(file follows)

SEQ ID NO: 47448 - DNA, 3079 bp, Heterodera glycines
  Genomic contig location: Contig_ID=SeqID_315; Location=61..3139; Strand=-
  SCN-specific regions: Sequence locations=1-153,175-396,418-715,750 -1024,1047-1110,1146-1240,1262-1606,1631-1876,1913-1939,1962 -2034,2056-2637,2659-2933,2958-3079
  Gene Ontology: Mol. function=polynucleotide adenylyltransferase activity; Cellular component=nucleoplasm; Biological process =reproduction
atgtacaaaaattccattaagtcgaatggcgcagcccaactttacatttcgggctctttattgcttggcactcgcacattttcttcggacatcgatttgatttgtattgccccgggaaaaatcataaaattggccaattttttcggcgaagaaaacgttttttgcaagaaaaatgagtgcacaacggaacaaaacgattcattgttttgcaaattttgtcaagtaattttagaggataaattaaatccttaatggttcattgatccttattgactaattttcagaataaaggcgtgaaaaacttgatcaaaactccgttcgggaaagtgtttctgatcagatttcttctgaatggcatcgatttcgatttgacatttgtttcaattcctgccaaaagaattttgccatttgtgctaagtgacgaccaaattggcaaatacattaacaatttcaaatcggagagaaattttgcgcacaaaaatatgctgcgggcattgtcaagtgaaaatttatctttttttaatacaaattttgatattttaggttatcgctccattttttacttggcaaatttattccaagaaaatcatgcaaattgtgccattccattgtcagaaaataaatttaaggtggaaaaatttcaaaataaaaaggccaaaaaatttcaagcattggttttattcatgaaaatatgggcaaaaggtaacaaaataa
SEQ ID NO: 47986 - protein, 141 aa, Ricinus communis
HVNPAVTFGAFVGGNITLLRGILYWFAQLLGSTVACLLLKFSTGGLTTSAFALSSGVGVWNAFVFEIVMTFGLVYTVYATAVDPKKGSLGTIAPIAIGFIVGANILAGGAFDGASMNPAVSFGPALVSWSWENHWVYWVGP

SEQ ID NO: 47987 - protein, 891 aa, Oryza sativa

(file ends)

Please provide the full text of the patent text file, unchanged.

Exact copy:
SEQ ID NO: 47448 - DNA, 3079 bp, Heterodera glycines
  Genomic contig location: Contig_ID=SeqID_315; Location=61..3139; Strand=-
  SCN-specific regions: Sequence locations=1-153,175-396,418-715,750 -1024,1047-1110,1146-1240,1262-1606,1631-1876,1913-1939,1962 -2034,2056-2637,2659-2933,2958-3079
  Gene Ontology: Mol. function=polynucleotide adenylyltransferase activity; Cellular component=nucleoplasm; Biological process =reproduction
atgtacaaaaattccattaagtcgaatggcgcagcccaactttacatttcgggctctttattgcttggcactcgcacattttcttcggacatcgatttgatttgtattgccccgggaaaaatcataaaattggccaattttttcggcgaagaaaacgttttttgcaagaaaaatgagtgcacaacggaacaaaacgattcattgttttgcaaattttgtcaagtaattttagaggataaattaaatccttaatggttcattgatccttattgactaattttcagaataaaggcgtgaaaaacttgatcaaaactccgttcgggaaagtgtttctgatcagatttcttctgaatggcatcgatttcgatttgacatttgtttcaattcctgccaaaagaattttgccatttgtgctaagtgacgaccaaattggcaaatacattaacaatttcaaatcggagagaaattttgcgcacaaaaatatgctgcgggcattgtcaagtgaaaatttatctttttttaatacaaattttgatattttaggttatcgctccattttttacttggcaaatttattccaagaaaatcatgcaaattgtgccattccattgtcagaaaataaatttaaggtggaaaaatttcaaaataaaaaggccaaaaaatttcaagcattggttttattcatgaaaatatgggcaaaaggtaacaaaataa
SEQ ID NO: 47986 - protein, 141 aa, Ricinus communis
HVNPAVTFGAFVGGNITLLRGILYWFAQLLGSTVACLLLKFSTGGLTTSAFALSSGVGVWNAFVFEIVMTFGLVYTVYATAVDPKKGSLGTIAPIAIGFIVGANILAGGAFDGASMNPAVSFGPALVSWSWENHWVYWVGP

SEQ ID NO: 47987 - protein, 891 aa, Oryza sativa